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What is Surround Sound?: Stereo, Surround and ATMOS Demystified

June, 2019

Surround sound is something that we hear about all the time when discussing technology. “Would you like to purchase a surround-sound package?” “You would benefit from the extra speakers.” The comments are endless. But what IS surround sound? What does it actually do? These are questions that aren’t always answered in stores. As your audio experts, we want to make sure those questions are never part of the equation. Therefore, we have put together a list of different surround sound systems and explain what they actually do. We also raise the question- do you really need it? 



The current standard for televisions throughout the world is stereo sound.  This means a discrete left and right speaker, each able to produce its own signal.  Picture a car whooshing by in a car chase scene. As the car enters the left side of the screen, the engine sound is heard in the left speaker.  As the car crosses the screen from left to right the sound follows the vehicle: first in the left speaker, then evenly between both, and finally just played back from the right speaker before fading away.  This stereo system allows sound engineers to “move” the sound with the picture by adjusting the level of sounds between the 2 speakers.


Surround (5.1 & 7.1)

Surround sound builds on the existing 2 speaker stereo format by adding 3 additional speakers and a subwoofer (also referred to as a Low Frequency Emitter or LFE).  A Center speaker is added to the Stereo Left and Right. 2 additional rear speakers, Left Rear and Right Rear, are added to “surround” the listener. “5.1” represents a system using 5 speakers with 1 subwoofer.


7.1 surround sound adds 2 additional speakers directly to the left and right of the listener.  This format is less common than the traditional 5.1.



Dolby’s ATMOS format adds vertical information by including overhead speakers in its surround sound design.  The clever part of ATMOS is its ability to scale the audio to the number of speakers in the system. An ATMOS system, with a corresponding ATMOS mix, can scale up to as many as 88 speakers or down to smaller home-sized systems.  These systems are typically 5.1.2 or 7.1.4 (adding 2 or 4 height speakers to the existing 5.1 or 7.1 format). More recently available are home theater systems and soundbars which include upwards firing speakers. These speakers are designed to “bounce” the sound off the ceiling, in an attempt to replicate the performance of actual ceiling mounted speakers.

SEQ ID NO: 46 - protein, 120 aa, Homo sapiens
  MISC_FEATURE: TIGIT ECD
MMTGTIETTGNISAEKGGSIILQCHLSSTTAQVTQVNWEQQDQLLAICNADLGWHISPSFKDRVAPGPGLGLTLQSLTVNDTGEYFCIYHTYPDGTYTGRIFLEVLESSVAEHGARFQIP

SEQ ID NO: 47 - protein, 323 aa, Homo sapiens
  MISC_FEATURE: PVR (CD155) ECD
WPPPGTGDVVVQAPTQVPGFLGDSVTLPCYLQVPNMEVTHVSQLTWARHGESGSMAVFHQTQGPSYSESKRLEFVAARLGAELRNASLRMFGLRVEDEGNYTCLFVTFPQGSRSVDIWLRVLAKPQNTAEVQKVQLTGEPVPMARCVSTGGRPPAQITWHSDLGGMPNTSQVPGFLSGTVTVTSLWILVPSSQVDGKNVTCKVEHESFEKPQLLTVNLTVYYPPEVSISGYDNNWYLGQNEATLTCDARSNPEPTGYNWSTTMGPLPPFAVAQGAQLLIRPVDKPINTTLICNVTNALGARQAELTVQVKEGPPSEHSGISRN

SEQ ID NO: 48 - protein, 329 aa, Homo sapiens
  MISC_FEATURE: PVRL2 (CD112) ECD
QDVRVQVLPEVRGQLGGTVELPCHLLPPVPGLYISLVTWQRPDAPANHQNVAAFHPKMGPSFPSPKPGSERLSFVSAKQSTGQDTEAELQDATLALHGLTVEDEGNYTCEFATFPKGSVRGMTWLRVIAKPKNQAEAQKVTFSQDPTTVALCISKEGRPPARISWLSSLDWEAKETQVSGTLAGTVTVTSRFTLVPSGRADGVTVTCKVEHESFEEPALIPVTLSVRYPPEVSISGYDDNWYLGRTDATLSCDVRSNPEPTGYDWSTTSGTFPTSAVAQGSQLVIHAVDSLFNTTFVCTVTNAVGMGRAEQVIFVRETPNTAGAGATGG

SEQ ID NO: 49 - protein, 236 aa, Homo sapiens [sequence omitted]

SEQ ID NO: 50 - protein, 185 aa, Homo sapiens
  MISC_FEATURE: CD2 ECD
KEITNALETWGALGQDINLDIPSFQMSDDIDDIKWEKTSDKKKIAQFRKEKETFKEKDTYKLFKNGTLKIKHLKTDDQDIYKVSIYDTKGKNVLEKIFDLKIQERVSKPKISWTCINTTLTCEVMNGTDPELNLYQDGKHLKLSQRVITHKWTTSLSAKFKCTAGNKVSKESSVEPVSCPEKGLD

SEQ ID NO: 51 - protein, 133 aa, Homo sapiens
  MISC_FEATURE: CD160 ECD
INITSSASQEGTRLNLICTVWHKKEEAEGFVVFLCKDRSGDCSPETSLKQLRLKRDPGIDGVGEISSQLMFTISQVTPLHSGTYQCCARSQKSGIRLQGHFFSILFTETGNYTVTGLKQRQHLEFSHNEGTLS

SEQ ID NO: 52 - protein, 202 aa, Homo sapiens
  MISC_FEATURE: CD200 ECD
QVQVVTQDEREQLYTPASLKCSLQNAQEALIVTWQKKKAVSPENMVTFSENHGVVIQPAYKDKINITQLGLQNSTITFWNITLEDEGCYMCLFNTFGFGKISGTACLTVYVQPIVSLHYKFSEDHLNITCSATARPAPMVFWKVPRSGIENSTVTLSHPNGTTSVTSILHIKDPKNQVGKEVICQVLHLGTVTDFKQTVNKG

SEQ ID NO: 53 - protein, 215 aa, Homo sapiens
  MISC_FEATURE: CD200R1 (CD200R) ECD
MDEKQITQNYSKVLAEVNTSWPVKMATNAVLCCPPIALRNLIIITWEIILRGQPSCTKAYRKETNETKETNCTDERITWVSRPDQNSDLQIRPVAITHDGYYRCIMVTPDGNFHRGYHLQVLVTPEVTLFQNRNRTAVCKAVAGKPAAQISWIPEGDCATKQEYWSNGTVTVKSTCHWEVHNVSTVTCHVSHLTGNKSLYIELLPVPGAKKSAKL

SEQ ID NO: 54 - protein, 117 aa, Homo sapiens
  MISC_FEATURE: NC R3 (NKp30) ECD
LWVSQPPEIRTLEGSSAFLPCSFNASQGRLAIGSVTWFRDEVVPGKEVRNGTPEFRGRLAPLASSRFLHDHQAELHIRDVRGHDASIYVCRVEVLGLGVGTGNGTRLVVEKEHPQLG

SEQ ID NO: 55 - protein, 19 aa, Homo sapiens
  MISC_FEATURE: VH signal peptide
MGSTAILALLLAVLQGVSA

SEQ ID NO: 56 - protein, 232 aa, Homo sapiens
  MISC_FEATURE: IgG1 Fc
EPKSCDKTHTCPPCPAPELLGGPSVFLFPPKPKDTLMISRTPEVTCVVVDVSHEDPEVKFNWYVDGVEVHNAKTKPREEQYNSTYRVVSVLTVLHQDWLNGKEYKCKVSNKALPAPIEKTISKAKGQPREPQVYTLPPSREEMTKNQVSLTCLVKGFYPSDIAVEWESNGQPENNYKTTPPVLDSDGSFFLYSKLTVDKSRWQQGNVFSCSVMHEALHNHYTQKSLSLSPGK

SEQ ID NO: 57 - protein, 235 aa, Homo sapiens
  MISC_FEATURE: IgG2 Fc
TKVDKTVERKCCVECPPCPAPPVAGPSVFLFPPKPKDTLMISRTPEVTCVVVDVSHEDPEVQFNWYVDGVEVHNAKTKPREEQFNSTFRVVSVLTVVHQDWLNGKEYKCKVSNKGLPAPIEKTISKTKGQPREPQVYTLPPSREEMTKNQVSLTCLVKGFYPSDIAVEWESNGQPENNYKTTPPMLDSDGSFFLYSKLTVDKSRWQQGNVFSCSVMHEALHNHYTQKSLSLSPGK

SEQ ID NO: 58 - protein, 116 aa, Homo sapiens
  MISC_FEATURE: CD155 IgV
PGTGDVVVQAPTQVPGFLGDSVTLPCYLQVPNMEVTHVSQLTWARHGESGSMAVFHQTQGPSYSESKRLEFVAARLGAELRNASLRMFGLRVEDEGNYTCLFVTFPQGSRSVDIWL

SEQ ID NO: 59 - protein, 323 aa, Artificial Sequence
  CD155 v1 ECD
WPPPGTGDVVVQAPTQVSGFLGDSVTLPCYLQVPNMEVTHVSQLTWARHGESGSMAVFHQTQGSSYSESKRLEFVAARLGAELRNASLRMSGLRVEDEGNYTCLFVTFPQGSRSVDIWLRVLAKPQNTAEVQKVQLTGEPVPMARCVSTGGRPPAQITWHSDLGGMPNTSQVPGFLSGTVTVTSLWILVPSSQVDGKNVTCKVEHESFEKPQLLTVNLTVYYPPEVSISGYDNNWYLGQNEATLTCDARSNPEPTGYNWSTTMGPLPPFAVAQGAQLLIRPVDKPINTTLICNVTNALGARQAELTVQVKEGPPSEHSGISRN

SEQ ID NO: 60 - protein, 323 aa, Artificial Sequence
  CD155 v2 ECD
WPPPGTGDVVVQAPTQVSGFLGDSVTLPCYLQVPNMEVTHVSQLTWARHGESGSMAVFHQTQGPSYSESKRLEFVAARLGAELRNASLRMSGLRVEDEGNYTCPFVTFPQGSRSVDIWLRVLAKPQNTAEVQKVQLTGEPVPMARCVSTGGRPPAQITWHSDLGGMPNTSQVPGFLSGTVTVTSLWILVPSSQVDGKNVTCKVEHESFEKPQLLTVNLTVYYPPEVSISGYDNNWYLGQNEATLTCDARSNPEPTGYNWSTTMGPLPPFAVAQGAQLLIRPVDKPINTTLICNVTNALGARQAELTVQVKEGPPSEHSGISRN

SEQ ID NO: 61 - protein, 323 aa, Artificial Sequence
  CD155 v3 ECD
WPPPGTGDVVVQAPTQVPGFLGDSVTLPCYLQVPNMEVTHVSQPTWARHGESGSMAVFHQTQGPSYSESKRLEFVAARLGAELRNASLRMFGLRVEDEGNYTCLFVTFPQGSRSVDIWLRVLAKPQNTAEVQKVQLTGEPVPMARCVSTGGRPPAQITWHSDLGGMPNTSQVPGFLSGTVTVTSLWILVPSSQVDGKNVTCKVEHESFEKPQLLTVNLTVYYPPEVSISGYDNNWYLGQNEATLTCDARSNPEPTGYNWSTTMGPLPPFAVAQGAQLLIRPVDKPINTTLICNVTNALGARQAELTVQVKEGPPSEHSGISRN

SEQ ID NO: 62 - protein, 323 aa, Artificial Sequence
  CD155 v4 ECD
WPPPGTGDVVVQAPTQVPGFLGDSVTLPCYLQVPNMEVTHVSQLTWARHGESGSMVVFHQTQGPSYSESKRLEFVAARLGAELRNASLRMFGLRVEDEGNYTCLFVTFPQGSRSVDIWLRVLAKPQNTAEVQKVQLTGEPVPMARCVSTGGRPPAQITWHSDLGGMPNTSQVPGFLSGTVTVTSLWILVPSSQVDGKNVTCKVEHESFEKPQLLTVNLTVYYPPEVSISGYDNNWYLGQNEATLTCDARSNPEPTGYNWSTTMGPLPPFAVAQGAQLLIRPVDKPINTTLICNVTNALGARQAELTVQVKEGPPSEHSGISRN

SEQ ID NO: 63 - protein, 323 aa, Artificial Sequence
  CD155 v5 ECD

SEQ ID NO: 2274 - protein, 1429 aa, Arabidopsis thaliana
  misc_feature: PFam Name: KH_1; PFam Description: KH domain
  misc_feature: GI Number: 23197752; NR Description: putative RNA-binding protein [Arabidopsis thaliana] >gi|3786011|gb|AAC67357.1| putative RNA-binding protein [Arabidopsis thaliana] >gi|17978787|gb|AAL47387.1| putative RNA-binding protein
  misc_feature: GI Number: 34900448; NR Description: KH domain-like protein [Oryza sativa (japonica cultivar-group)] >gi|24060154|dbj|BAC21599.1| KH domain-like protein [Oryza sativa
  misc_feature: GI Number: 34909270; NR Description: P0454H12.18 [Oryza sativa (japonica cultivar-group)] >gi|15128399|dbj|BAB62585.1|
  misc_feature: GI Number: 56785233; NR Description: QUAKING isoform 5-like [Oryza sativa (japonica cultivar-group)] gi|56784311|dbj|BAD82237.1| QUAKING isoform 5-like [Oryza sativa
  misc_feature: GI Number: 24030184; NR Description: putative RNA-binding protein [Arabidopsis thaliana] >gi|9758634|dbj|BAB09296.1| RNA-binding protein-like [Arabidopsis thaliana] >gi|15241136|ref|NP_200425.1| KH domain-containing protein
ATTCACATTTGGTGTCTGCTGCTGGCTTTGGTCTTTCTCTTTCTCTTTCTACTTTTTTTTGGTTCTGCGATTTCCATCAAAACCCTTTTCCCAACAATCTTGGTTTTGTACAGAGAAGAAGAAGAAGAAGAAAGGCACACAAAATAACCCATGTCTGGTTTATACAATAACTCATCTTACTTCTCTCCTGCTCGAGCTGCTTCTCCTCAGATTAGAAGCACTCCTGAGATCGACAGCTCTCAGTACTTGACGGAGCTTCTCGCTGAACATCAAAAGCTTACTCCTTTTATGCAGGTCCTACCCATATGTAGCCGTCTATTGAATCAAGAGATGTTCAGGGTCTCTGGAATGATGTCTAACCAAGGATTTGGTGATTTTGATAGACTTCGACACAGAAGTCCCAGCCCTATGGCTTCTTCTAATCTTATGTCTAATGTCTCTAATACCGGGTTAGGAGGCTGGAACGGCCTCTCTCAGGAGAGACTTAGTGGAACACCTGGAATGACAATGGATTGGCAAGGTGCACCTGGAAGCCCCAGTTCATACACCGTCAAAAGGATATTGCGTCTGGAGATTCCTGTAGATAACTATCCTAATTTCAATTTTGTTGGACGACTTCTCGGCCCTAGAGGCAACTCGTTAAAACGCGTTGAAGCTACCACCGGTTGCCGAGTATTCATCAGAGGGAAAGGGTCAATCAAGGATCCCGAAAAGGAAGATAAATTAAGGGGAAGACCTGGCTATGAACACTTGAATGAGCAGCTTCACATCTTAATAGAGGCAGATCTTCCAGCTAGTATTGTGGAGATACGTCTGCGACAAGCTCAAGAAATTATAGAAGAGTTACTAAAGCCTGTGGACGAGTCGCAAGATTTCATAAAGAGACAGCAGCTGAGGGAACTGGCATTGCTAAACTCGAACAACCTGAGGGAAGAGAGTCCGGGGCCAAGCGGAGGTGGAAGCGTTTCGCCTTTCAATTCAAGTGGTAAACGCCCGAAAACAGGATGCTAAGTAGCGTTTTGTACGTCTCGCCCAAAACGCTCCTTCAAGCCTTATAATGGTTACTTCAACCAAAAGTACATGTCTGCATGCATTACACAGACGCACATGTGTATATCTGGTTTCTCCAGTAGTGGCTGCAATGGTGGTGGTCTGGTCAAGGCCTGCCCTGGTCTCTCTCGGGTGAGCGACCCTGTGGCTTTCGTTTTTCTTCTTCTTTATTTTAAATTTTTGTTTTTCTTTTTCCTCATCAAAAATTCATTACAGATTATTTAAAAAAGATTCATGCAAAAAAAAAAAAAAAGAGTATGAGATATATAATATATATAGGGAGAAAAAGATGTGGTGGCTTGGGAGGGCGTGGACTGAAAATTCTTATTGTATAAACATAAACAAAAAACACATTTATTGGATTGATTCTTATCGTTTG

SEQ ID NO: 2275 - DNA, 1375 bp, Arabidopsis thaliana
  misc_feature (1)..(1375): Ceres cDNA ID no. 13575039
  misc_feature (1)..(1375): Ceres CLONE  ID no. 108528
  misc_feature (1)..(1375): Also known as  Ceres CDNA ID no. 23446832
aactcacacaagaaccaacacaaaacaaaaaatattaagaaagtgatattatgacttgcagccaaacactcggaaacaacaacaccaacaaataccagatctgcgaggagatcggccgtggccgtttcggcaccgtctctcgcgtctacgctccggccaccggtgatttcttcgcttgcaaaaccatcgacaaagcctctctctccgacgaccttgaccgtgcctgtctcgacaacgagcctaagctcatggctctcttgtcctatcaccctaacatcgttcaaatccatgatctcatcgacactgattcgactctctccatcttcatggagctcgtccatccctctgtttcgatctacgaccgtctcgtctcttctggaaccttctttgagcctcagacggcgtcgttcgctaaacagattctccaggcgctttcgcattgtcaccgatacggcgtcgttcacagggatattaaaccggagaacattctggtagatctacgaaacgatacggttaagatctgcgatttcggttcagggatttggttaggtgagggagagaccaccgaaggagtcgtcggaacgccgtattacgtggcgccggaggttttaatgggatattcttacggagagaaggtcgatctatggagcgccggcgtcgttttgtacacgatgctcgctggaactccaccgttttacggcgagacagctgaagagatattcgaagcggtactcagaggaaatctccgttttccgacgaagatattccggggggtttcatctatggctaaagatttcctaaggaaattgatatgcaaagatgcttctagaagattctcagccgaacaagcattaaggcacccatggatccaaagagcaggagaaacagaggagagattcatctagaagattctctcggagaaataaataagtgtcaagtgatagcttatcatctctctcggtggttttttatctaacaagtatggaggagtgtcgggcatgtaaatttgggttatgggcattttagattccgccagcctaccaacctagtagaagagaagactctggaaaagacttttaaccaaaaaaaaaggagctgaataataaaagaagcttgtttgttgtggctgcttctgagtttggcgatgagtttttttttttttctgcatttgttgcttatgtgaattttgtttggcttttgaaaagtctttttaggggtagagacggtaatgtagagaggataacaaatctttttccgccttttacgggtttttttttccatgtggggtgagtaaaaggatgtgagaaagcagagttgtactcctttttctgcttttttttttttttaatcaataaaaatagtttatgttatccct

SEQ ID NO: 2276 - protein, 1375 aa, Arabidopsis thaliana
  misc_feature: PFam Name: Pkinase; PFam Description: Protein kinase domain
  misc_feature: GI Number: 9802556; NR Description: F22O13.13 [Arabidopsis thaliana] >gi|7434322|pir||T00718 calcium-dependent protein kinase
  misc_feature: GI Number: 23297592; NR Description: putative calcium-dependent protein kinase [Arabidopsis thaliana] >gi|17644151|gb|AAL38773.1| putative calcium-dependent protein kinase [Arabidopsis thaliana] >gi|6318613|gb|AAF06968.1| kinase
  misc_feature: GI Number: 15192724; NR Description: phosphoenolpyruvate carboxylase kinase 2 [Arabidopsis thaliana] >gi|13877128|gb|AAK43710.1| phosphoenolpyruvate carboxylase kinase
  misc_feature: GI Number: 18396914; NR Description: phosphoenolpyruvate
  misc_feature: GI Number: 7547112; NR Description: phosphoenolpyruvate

Challenges with ATMOS and Surround

ATMOS requires an ATMOS mix as well as an ATMOS-compatible system.  ATMOS mixes can be found on some premium streaming services, but aren’t typically available via standard cable boxes.  Multi-speaker surround sound systems can also be complex to set-up and install, usually requiring in-wall wiring for the cleanest appearance.  While some soundbars can now offer a limited ATMOS or surround experience, these devices can be expensive (starting ~$500 for ATMOS support) and aren’t realistic to put on multiple TVs throughout the home.


Getting the best sound from stereo TV

Outside of adding on complex or expensive sound systems, how do you get the best audio performance from your stereo TV?  Televisions that use dbx-tv audio enhancement (like the Hisense H9 series), use sophisticated algorithms to improve sound.  First, the frequency response is enhanced which allows the TV’s speakers to reproduce the rumbling lows typically sent to a subwoofer.  dbx-tv also offer Total Surround, which uses psycho-acoustic algorithms to create the perception of a wide surround sound field, using just the 2 speakers in the TV.


Sound too good to be true?  Check out some of our video demos here.